Natural Movement

ed“First move well, than move often”

The above quote by physiotherapist and movement expert Gray Cook very simply defines what we should be doing with our bodies every day to prevent disease or dysfunction. Although simply written “moving well” is difficult. With the increase in sedentary behaviour, careers involving staring at screens and sitting in chairs for 8 hours a day, and the excess weight we carry around unnecessarily, it’s tough in this modern age to keep our movement free and functioning.

But first what is “moving well” and how do we define it? How do we know if we are moving well? A good place to start is by looking at the primary movement patterns our bodies can perform:

The 7 Human Movement Patterns.

  1. Squat
  2. Hinge
  3. Push
  4. Pull
  5. Rotational
  6. Single leg (gait)
  7. Lunge

Are you “moving well”?

If you think about the way you move your body throughout day you will generally go through all these 7 patterns, whether squatting to sit down or lunging to climb a stairs, your body is constantly repeating these movement patterns. Dysfunction in the body can often be traced to limitations within a specific movement pattern.

How is your movement?

When attempting to perform the movements do you notice tightness or restriction of movement within certain areas? A proper assessment by a trained professional can help you determine if you may have limitations in any of these movement patterns and if the problem may be caused by tightness or shortening of soft tissues or lack or range of motion.

The way your body compensates during some of these movements can say a lot about what the potential dysfunctions may be. For example when you squat do you notice any of the following compensations throughout the body:

Feet pronate and externally rotate: This may indicate tightness in the soleus, gastrocnemius (calf muscle), hamstring and piriformis and/or weakness in the gluteus medius (bum muscles).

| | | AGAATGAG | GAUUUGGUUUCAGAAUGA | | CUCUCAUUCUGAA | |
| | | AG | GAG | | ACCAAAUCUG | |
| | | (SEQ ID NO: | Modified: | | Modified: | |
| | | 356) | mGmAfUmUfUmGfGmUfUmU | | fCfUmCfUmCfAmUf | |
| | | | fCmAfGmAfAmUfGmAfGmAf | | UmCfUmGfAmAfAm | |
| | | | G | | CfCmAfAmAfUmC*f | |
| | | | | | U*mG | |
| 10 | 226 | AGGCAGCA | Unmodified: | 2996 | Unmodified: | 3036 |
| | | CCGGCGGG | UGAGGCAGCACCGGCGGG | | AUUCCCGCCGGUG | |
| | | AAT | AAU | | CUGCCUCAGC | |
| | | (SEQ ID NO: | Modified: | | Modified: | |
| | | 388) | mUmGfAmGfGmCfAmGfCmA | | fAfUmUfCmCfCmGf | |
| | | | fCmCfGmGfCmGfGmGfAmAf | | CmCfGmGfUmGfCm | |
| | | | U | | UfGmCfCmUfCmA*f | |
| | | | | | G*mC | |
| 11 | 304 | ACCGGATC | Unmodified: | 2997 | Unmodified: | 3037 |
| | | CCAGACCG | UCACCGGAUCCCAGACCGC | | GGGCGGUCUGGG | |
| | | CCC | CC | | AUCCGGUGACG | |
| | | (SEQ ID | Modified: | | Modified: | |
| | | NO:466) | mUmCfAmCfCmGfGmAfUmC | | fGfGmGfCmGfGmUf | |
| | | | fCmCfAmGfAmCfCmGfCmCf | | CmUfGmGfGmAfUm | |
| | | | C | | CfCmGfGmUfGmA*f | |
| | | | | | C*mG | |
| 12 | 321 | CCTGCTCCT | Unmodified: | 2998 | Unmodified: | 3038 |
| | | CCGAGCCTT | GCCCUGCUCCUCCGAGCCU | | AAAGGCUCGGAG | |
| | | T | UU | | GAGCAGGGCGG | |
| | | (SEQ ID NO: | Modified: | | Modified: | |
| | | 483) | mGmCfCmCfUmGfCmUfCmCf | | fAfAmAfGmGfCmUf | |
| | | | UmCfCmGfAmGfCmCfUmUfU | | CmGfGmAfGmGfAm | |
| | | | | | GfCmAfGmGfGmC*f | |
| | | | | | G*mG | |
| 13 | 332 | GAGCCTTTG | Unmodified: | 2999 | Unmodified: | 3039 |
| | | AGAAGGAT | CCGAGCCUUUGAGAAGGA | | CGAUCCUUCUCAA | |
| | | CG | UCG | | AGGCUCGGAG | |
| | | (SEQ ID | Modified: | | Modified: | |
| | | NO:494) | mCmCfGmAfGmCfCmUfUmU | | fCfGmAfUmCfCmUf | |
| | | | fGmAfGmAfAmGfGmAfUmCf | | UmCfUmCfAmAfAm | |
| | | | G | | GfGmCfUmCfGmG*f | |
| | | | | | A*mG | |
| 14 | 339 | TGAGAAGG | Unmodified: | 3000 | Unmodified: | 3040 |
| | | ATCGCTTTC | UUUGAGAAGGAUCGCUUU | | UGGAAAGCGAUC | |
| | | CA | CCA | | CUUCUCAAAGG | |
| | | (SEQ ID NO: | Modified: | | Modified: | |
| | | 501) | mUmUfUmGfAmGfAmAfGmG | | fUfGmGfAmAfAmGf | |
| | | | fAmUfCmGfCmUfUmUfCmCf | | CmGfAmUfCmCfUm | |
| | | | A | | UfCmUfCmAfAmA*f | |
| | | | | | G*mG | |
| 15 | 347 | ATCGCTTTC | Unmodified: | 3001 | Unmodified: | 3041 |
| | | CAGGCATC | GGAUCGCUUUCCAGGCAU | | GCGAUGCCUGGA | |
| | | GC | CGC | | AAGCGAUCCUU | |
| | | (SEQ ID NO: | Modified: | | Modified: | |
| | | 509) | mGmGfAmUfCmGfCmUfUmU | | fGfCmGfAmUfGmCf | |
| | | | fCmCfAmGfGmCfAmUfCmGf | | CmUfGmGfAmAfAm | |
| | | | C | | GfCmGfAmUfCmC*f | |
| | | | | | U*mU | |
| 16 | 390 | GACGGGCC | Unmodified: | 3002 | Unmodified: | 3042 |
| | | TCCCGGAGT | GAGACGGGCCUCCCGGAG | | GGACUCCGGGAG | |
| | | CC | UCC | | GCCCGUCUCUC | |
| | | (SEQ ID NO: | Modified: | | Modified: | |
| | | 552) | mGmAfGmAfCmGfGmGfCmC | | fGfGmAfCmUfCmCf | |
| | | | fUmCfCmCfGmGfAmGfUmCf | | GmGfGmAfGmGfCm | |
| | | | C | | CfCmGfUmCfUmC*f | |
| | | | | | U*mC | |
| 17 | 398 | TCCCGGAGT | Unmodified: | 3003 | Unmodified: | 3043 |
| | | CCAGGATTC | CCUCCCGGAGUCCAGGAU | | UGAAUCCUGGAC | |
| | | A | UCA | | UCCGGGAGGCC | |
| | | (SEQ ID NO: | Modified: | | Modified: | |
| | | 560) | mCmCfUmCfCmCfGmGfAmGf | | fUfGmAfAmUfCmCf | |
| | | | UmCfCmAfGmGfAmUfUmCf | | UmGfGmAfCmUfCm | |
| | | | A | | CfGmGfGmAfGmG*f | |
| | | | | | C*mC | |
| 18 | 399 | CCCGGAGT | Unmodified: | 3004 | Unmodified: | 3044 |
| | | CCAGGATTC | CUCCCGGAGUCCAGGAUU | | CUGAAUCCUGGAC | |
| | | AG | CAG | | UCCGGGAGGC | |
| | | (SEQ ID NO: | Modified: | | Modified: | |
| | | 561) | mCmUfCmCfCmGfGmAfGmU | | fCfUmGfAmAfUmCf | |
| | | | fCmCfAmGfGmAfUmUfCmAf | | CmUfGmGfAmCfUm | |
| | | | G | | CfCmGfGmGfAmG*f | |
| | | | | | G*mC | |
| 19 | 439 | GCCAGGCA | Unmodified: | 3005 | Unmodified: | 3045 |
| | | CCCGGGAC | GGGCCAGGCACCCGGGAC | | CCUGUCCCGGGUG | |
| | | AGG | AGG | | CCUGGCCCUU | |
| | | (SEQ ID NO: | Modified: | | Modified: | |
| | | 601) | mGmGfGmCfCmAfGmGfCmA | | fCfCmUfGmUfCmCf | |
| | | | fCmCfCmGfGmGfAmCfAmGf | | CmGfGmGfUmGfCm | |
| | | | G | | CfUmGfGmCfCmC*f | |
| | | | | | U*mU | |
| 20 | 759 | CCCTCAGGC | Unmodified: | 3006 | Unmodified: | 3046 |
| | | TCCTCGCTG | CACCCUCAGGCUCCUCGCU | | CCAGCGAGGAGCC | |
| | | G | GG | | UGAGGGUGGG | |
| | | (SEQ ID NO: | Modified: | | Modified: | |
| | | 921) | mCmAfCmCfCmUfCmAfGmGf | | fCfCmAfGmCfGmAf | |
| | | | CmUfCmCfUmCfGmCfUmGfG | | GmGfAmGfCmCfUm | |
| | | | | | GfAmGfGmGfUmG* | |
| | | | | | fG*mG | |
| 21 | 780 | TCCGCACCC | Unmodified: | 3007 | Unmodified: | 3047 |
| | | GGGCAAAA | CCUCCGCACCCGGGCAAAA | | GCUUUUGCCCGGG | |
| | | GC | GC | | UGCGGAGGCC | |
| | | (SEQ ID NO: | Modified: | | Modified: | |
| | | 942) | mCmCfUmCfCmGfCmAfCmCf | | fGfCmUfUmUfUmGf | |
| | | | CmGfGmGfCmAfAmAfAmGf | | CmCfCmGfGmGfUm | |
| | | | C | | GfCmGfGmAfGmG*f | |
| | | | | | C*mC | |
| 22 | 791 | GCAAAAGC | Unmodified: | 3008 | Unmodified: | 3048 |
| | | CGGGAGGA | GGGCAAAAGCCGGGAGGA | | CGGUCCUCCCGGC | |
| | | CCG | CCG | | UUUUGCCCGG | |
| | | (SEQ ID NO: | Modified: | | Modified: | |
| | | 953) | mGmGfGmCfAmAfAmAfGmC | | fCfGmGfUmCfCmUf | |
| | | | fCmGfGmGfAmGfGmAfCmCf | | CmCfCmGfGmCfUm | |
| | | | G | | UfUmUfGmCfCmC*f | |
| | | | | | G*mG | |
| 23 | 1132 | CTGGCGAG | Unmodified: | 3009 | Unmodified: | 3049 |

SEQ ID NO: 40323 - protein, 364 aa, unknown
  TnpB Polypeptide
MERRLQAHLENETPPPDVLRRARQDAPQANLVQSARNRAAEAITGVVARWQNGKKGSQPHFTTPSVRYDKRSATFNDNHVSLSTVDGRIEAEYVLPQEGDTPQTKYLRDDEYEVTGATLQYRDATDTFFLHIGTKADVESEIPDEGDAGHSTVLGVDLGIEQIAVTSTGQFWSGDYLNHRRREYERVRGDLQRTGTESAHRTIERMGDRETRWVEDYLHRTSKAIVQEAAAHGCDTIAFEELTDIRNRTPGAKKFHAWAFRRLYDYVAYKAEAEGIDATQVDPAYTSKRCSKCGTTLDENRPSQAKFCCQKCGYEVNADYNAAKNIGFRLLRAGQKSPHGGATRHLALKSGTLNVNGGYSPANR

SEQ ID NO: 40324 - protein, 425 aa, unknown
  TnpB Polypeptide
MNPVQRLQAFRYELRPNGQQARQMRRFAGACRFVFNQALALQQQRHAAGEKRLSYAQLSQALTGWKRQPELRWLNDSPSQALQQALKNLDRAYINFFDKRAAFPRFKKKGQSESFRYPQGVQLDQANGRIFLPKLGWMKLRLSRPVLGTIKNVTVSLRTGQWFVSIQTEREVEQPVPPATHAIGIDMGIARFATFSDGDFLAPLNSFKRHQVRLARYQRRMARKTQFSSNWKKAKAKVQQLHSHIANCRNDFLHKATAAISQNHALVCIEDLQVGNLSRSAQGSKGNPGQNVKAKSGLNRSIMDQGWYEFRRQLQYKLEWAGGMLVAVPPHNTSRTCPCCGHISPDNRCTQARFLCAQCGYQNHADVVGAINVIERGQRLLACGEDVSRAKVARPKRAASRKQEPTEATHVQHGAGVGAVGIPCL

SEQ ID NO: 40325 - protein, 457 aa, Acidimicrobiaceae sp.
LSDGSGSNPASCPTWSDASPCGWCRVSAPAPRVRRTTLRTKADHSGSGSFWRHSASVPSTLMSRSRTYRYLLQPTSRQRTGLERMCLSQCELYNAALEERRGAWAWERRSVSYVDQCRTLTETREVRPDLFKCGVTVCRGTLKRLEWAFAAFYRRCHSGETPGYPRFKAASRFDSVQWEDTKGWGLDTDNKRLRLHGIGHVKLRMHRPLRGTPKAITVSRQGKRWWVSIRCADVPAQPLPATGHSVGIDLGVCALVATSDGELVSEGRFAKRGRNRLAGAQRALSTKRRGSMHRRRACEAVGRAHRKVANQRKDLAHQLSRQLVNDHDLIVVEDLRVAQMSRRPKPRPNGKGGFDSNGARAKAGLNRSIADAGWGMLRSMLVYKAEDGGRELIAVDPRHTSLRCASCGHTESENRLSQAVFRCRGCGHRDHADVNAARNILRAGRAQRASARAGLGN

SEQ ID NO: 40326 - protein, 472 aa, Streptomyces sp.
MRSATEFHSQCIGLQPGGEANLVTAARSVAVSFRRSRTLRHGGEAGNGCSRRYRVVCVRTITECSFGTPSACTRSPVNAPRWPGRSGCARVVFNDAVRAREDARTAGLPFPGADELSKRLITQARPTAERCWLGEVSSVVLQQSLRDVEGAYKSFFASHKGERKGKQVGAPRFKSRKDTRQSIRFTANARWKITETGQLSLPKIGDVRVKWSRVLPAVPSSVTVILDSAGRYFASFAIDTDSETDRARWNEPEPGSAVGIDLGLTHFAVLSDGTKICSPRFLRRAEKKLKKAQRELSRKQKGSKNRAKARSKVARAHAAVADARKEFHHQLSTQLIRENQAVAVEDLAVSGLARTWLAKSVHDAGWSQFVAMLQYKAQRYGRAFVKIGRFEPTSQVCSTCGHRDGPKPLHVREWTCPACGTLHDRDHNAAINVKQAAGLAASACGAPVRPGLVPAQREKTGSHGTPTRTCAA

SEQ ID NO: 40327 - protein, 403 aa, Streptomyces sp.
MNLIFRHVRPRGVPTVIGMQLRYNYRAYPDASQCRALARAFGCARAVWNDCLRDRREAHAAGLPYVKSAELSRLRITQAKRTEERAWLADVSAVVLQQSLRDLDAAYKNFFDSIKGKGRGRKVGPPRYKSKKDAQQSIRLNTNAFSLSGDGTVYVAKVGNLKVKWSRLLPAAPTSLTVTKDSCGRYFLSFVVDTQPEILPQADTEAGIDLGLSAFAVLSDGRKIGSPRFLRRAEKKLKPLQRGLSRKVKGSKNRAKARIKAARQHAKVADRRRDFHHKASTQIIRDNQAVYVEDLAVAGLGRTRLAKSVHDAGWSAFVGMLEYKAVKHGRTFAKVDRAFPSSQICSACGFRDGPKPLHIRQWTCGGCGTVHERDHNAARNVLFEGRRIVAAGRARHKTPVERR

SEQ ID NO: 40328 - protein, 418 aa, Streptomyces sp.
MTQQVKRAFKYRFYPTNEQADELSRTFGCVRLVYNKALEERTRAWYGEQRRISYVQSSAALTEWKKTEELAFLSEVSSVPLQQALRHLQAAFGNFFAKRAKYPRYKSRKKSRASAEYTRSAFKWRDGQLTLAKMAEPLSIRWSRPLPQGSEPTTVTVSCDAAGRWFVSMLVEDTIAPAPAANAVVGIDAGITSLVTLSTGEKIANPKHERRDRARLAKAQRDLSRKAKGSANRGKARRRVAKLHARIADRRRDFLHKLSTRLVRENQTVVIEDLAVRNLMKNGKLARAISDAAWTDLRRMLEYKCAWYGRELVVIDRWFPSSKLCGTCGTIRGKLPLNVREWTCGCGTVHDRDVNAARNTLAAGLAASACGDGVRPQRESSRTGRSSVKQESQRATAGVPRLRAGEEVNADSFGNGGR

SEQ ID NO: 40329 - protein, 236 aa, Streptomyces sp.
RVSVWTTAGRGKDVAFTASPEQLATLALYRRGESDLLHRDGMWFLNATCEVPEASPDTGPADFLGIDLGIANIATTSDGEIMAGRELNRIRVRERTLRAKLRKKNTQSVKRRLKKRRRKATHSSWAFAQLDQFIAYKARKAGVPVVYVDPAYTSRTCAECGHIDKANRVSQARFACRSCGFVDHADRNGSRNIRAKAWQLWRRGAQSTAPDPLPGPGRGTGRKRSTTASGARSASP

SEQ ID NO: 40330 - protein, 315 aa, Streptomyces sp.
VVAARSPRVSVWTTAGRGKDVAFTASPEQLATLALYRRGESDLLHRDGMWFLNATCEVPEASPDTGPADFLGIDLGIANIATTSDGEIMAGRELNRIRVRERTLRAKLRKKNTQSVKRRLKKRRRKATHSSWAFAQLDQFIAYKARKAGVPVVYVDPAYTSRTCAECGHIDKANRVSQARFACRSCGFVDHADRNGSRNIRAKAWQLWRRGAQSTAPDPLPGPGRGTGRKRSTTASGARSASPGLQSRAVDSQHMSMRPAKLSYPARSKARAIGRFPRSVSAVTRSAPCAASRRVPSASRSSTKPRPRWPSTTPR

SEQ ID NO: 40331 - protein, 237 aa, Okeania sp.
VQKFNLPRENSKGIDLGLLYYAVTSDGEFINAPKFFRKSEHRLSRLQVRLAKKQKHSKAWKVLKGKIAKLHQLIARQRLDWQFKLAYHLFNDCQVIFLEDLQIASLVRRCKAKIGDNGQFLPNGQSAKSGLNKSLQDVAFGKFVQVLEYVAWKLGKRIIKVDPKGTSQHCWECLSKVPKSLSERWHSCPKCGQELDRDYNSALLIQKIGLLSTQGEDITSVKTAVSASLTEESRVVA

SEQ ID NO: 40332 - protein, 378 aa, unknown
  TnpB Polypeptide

Knees buckle / hip internal rotation: May indicate weak/inhibited gluteus maximus/medius, tight adductor complex and iliotibial band. May be an inability to control hip movements, pointing to an underlying motor control stability problem.

Low back arches: May indicate tight hip flexors and latissimus dorsi, compensating for a weak outer and inner core.

Low back rounds: May indicate overactive external obliques, compensating for weak core muscles.

These are just a few examples of how the body compensates and overuses certain muscles to facilitate movement and function daily. But over time these compensations can themselves lead to problems as over reliance on the supporting muscles can lead to tightness, stiffness and poor balance and or posture. An Osteopath, experienced personal trainer or other qualified healthcare professional can perform a full movement assessment and help identify where you may have movement restrictions or imbalances which could be contributing to stiffness or pain. Sometimes awareness alone can be the best starting point and can make a difference so begin to notice how you move your body daily: do you feel like you have any restrictions in any movement patterns? Do you notice any compensations in your body where you don’t feel balanced or aligned when performing certain movements?

Moving differently

A great way to prevent dysfunction from occurring in the first place is to keep moving in a variety of ways and keep challenging the body to adapt. We get stuck in modes of movement, whether that’s sitting at a desk all day or lying down on in the same position every evening staring at the screen. It’s no wonder the body closes up and tenses. We need to challenge the body with new ways of movement. This helps increase strength, range of motion and flexibility and ultimately offers more protection for our joints as we age. Consider activities that can challenge you to move in new ways you have not been used to. Some great activities for challenging your movement include: